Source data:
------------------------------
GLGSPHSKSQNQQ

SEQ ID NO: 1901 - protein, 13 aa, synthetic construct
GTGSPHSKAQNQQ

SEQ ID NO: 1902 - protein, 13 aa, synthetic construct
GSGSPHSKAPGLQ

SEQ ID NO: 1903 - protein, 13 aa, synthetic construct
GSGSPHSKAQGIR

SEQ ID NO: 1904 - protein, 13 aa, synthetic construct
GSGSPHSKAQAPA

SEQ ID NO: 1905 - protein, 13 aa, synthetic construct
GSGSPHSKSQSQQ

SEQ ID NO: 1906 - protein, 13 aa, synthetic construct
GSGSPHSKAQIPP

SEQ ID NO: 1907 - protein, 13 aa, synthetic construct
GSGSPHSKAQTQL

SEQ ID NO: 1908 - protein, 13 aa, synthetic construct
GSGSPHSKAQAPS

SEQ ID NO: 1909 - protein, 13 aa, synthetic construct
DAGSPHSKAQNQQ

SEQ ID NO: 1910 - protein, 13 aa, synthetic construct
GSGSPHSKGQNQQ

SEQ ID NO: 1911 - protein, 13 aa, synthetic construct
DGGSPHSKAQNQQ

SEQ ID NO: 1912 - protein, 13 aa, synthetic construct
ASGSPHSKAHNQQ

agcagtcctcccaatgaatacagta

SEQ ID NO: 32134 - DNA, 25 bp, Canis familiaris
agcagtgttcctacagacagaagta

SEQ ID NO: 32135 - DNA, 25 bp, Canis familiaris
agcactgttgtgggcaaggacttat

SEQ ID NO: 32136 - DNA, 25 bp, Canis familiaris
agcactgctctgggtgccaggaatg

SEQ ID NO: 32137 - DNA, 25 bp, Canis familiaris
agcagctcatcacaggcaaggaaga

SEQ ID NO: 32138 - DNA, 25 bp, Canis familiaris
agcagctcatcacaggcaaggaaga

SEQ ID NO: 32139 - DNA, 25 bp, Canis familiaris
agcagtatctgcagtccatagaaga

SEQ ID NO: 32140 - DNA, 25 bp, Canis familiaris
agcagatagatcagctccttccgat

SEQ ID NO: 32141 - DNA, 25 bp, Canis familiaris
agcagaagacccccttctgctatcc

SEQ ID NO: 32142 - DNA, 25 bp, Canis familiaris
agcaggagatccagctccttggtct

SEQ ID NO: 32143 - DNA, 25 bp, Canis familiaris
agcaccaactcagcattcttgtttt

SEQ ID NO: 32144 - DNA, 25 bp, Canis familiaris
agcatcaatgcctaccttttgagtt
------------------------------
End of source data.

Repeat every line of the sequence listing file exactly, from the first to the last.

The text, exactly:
GLGSPHSKSQNQQ

SEQ ID NO: 1901 - protein, 13 aa, synthetic construct
GTGSPHSKAQNQQ

SEQ ID NO: 1902 - protein, 13 aa, synthetic construct
GSGSPHSKAPGLQ

SEQ ID NO: 1903 - protein, 13 aa, synthetic construct
GSGSPHSKAQGIR

SEQ ID NO: 1904 - protein, 13 aa, synthetic construct
GSGSPHSKAQAPA

SEQ ID NO: 1905 - protein, 13 aa, synthetic construct
GSGSPHSKSQSQQ

SEQ ID NO: 1906 - protein, 13 aa, synthetic construct
GSGSPHSKAQIPP

SEQ ID NO: 1907 - protein, 13 aa, synthetic construct
GSGSPHSKAQTQL

SEQ ID NO: 1908 - protein, 13 aa, synthetic construct
GSGSPHSKAQAPS

SEQ ID NO: 1909 - protein, 13 aa, synthetic construct
DAGSPHSKAQNQQ

SEQ ID NO: 1910 - protein, 13 aa, synthetic construct
GSGSPHSKGQNQQ

SEQ ID NO: 1911 - protein, 13 aa, synthetic construct
DGGSPHSKAQNQQ

SEQ ID NO: 1912 - protein, 13 aa, synthetic construct
ASGSPHSKAHNQQ

agcagtcctcccaatgaatacagta

SEQ ID NO: 32134 - DNA, 25 bp, Canis familiaris
agcagtgttcctacagacagaagta

SEQ ID NO: 32135 - DNA, 25 bp, Canis familiaris
agcactgttgtgggcaaggacttat

SEQ ID NO: 32136 - DNA, 25 bp, Canis familiaris
agcactgctctgggtgccaggaatg

SEQ ID NO: 32137 - DNA, 25 bp, Canis familiaris
agcagctcatcacaggcaaggaaga

SEQ ID NO: 32138 - DNA, 25 bp, Canis familiaris
agcagctcatcacaggcaaggaaga

SEQ ID NO: 32139 - DNA, 25 bp, Canis familiaris
agcagtatctgcagtccatagaaga

SEQ ID NO: 32140 - DNA, 25 bp, Canis familiaris
agcagatagatcagctccttccgat

SEQ ID NO: 32141 - DNA, 25 bp, Canis familiaris
agcagaagacccccttctgctatcc

SEQ ID NO: 32142 - DNA, 25 bp, Canis familiaris
agcaggagatccagctccttggtct

SEQ ID NO: 32143 - DNA, 25 bp, Canis familiaris
agcaccaactcagcattcttgtttt

SEQ ID NO: 32144 - DNA, 25 bp, Canis familiaris
agcatcaatgcctaccttttgagtt